In case you were wondering, no, México and Italy do not have a monopoly on bad airline strategies. Argentina has long been one of the standard-bearers of bad airline policy, manifested in the woeful performance of its flag carrier Aerolíneas Argentinas. Now the country is ready to cut ties after re-nationalizing the carrier 15 years ago. If this happens as suggested, this will be the end of Aerolíneas Argentinas, but let’s be honest… bad airlines never truly die.
Argentina has long protected its flag carrier with a vengeance. The airline has only occasionally been asked to turn a profit, depending upon the government’s whims. But don’t worry, the pressure was never that great, certainly not since it was re-nationalized 15 years ago. The only thing that makes Aerolíneas Argentinas more viable than, say, Alitalia/ITA is that the Argentine government was much better at propping up the flag carrier and pushing out competition for most of the airline’s history.
Strangely enough, Aerolíneas has been pretty consistent with its seat capacity remaining between 50 and 60 percent for all departures from Argentina. Just take a look.
Argentina Departing Seat Capacity by Airline
This chart isn’t completely right, because Flybondi started flying in 2018, but I don’t show schedules in the data until 2022. So chances are that baby blue Aerolíneas should be even more consistent. The airline just trades competitors depending upon how the winds shift politically.
Just ask LATAM, the airline that had designs on creating a functional, commercially viable operation in Argentina. It never truly succeeded thanks to protectionism and finally shut down LATAM Argentina in 2020 as some of the most strict COVID protections in the region proved to be the final straw. The laundry list of problems is lengthy and sordid. You can read about some, including the Aeroparque hangar drama here.
Low-cost operators have replaced LATAM’s presence in recent years. The door opened when Mauricio Macri became president in 2015. He allowed competition in the country, but it hasn’t been easy for those airlines. Back when Norwegian was full of nothing but bad ideas, it made a run in the domestic market, but that was sold off to Jetsmart. That airline and Flybondi have been locked in a battle for relevance. Flybondi is reportedly profitable, but it still only has 15 airplanes. After 5 years, that doesn’t seem like all that much for a low-cost operator. Even with low costs, competing with heavily-subidized Aerolíneas is an uphill climb.
But now, the government of Argentina has seen a seismic shift. The often-reigning left-wing Peronistas have lost control, only to be replaced by Trump-like, right-wing populist Javier Milei. Milei wants to slash and burn within the government ranks, so naturally the subsidies propping up Aerolíneas are an easy target.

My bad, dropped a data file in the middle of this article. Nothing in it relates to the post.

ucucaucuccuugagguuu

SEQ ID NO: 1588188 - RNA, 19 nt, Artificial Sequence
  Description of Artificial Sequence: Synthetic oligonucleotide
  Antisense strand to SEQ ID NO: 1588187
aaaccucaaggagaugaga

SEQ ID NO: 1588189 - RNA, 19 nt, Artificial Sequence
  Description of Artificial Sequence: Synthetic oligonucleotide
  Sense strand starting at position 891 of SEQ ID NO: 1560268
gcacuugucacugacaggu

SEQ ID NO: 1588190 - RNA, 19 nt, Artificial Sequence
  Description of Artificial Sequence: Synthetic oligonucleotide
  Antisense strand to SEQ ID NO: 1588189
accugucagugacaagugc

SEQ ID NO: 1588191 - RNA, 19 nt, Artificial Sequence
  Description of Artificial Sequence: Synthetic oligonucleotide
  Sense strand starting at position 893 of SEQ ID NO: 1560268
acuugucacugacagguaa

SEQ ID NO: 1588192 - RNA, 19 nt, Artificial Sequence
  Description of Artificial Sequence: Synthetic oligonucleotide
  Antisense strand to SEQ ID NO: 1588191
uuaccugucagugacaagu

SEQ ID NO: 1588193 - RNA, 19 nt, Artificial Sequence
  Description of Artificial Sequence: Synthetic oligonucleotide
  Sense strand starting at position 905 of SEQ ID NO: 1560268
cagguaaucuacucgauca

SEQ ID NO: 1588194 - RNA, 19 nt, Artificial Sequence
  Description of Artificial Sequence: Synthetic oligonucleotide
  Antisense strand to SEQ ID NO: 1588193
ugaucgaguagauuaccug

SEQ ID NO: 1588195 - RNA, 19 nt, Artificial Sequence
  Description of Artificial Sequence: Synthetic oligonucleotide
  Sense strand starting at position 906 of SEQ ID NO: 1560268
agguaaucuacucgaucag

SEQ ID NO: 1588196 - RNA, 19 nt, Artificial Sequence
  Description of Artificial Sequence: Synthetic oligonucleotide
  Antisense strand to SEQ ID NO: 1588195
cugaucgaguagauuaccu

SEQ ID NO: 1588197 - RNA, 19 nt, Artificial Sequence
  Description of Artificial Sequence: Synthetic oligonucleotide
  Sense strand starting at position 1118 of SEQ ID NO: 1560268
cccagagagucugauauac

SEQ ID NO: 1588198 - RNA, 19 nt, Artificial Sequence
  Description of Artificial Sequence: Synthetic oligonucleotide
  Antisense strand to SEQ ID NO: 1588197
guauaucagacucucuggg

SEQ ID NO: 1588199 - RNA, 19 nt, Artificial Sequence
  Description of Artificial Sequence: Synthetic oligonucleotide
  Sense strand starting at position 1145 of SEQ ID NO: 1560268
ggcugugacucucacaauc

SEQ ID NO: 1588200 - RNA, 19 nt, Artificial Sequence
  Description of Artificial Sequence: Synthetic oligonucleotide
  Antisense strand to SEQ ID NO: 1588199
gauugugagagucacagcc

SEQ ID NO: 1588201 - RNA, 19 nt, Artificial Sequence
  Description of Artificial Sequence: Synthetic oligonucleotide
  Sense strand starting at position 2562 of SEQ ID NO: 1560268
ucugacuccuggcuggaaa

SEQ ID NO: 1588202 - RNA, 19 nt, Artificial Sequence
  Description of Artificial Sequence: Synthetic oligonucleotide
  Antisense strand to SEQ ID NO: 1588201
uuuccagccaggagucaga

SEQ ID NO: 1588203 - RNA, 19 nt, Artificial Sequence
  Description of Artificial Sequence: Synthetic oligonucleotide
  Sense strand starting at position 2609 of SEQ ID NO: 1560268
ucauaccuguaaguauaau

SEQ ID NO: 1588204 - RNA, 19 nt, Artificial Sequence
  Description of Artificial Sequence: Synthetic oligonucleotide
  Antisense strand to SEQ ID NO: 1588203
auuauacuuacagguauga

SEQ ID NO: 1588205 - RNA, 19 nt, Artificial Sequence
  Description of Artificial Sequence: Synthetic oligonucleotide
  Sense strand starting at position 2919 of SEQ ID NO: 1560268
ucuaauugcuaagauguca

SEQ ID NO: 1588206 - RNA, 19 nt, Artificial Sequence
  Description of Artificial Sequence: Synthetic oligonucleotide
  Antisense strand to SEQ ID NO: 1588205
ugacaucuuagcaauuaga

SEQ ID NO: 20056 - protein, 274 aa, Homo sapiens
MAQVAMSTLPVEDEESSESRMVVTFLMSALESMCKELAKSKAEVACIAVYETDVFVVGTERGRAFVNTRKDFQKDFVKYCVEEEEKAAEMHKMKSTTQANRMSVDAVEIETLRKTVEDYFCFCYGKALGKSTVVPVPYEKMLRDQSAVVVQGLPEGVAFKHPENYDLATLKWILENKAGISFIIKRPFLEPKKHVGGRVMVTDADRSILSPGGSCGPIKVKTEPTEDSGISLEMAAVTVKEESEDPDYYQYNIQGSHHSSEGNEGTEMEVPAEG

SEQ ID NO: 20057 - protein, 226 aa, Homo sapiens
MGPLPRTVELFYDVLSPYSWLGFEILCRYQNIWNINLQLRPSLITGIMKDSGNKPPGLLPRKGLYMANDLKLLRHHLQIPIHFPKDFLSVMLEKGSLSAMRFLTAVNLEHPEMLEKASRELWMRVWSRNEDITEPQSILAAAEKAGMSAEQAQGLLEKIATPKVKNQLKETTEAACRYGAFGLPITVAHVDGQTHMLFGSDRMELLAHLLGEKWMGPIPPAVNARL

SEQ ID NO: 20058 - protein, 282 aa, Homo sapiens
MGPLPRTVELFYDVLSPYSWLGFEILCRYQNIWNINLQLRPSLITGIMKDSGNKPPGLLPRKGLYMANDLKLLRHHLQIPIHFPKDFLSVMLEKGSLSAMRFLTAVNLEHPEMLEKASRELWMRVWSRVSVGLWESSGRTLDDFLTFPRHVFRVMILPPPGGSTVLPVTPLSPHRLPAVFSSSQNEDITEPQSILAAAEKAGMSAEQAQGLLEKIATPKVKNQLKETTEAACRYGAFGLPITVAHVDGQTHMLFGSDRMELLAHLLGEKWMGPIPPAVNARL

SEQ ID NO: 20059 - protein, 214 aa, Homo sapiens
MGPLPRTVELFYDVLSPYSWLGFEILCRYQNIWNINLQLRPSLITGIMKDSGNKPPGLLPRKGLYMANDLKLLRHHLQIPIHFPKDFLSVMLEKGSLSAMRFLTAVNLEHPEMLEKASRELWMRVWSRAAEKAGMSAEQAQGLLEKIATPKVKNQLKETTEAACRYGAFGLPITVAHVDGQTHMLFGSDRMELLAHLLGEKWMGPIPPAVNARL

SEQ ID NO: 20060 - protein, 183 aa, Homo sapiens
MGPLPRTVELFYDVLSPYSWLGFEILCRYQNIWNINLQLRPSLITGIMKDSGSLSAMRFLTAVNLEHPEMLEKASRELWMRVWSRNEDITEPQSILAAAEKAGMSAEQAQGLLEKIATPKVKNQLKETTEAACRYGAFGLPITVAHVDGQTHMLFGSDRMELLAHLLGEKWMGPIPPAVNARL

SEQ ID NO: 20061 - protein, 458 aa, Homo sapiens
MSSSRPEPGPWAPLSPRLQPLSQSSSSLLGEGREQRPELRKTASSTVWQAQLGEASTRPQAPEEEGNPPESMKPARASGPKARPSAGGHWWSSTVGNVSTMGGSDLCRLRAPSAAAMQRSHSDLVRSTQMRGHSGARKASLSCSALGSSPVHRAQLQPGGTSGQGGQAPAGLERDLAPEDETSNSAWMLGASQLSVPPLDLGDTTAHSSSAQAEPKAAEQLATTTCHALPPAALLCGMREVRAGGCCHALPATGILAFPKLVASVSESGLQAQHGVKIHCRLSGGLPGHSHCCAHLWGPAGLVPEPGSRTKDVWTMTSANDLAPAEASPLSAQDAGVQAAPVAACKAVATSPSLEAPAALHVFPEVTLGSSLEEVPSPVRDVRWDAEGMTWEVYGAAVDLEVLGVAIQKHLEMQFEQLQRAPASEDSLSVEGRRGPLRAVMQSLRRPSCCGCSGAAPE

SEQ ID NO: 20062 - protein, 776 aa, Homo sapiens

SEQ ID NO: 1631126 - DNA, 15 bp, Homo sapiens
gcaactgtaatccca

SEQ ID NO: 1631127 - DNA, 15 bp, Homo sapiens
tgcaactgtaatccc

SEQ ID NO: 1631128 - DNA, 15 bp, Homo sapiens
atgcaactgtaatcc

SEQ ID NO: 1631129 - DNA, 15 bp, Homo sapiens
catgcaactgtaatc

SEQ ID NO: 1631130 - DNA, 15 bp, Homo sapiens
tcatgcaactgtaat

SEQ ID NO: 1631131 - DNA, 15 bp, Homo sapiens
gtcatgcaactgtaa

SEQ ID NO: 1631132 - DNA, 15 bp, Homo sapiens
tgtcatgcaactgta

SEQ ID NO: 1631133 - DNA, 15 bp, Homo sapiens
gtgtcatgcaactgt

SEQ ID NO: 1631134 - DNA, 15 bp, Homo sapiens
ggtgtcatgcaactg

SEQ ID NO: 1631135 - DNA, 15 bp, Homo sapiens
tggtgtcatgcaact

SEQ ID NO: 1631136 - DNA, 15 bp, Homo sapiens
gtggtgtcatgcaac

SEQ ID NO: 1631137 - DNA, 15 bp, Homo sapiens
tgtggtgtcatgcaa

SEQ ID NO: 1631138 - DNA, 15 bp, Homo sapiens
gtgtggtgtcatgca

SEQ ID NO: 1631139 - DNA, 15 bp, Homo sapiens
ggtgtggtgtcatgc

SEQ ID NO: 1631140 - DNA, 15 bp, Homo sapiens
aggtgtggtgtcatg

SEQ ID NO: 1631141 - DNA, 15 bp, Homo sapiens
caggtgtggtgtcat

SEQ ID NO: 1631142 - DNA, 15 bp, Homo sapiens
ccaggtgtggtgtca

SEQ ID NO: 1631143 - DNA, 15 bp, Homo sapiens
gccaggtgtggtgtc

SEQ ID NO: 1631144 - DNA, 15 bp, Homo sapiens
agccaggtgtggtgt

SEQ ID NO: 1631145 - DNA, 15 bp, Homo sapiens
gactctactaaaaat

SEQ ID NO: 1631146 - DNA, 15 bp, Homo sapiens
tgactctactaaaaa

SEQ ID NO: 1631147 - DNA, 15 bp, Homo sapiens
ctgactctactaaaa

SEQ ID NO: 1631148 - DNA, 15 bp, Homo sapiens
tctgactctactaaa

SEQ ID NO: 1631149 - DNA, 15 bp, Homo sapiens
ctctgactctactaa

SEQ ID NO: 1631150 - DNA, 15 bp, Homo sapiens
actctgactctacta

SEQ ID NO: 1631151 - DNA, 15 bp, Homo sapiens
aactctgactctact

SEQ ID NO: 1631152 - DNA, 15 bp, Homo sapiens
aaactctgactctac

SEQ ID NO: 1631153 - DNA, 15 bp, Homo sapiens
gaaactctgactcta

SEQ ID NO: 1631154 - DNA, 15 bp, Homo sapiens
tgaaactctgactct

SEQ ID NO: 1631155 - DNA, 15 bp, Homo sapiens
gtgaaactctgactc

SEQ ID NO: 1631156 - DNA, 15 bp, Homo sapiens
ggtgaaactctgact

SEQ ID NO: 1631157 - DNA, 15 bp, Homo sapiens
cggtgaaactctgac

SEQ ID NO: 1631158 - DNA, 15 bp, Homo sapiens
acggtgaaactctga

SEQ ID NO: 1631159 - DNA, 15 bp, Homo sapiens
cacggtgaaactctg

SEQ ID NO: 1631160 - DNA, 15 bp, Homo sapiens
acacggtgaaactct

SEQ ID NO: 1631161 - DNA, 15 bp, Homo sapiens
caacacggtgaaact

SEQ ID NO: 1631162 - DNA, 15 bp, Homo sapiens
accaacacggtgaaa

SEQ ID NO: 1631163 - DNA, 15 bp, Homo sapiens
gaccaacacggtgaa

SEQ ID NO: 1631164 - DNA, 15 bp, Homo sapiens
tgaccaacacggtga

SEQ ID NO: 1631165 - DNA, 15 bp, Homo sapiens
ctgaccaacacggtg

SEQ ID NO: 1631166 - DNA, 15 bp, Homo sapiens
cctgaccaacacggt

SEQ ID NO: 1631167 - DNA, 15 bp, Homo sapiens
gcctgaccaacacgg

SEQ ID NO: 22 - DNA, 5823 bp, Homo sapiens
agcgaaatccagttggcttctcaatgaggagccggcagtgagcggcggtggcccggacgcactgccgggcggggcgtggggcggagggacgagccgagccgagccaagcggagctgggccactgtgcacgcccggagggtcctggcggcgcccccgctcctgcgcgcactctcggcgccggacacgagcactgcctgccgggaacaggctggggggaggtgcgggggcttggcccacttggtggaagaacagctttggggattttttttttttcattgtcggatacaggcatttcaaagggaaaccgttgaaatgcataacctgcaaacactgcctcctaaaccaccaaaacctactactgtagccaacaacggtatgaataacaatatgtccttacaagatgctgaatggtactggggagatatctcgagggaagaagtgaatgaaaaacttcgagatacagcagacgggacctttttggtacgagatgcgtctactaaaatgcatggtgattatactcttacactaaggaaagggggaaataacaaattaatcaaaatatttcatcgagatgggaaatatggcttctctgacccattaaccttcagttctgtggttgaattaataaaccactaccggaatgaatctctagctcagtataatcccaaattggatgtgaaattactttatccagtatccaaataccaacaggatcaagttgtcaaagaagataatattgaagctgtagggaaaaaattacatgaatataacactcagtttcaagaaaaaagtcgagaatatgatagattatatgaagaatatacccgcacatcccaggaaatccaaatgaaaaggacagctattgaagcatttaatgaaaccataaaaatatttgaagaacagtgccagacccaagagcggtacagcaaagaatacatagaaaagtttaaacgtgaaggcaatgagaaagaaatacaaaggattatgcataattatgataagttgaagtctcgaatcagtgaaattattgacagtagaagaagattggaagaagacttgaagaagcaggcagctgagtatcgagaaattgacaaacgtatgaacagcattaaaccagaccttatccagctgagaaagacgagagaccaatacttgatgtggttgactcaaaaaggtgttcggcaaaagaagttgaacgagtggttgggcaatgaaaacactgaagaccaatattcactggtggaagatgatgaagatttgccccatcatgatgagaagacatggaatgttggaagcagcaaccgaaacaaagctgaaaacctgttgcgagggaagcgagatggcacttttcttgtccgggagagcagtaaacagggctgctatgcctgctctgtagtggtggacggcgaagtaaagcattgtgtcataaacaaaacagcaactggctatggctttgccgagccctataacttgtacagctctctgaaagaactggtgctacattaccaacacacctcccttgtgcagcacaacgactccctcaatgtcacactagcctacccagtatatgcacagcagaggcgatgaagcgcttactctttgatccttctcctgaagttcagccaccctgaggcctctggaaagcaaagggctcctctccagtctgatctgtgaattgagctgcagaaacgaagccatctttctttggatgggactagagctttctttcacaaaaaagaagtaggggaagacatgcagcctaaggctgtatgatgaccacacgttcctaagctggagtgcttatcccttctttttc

According to Argentinian newspaper Clarín, Milei has a plan. It’s a bad one in the sense that it will never actually work from an Aerolíneas perspective. But it would be good for travelers in the longer run.
Milei wants to stop subsidizing the airline and create an “open skies” policy that would allow competition to flood the market. How would Aerolíneas survive in this new world? Well, he would turn the airline over to be employee-owned and run. Oh yeah, that’ll work.
Milei is trying to navigate a complex situation here. As with most poorly-run, state-dependent carriers, there are too many employees and they are overpaid for the work they do. It’s like a state-run jobs program, and killing that is a political hot potato. So give the airline to those people to run, right? Riiiiight. Generally, letting the inmates run the asylum is not the best plan. But Milei says they can do it.
El personal de Aerolíneas es un personal muy calificado, el problema radica en la contaminación política
Milei is saying that the politicians have ruined Aerolíneas and the employees will be able to save it. That is most certainly not the case, but it does set up Milei to blame those employees for the failure of the airline when they can’t right the ship instead of himself. Whether anyone will buy that narrative or not remains to be seen, but… ok, nevermind. Nobody will care.
In the long run, this will be good for competition. It will allow better airlines to provide service to a lot more people in the country. But with nearly 12,000 jobs in the balance in a country that’s been hit hard by high inflation and a weak economy, Milei will have to make a decision when the time comes to bail out the airline again or let it die, the two inevitable possible outcomes. His best hope is to wait until he’s voted out of office and make it someone else’s problem.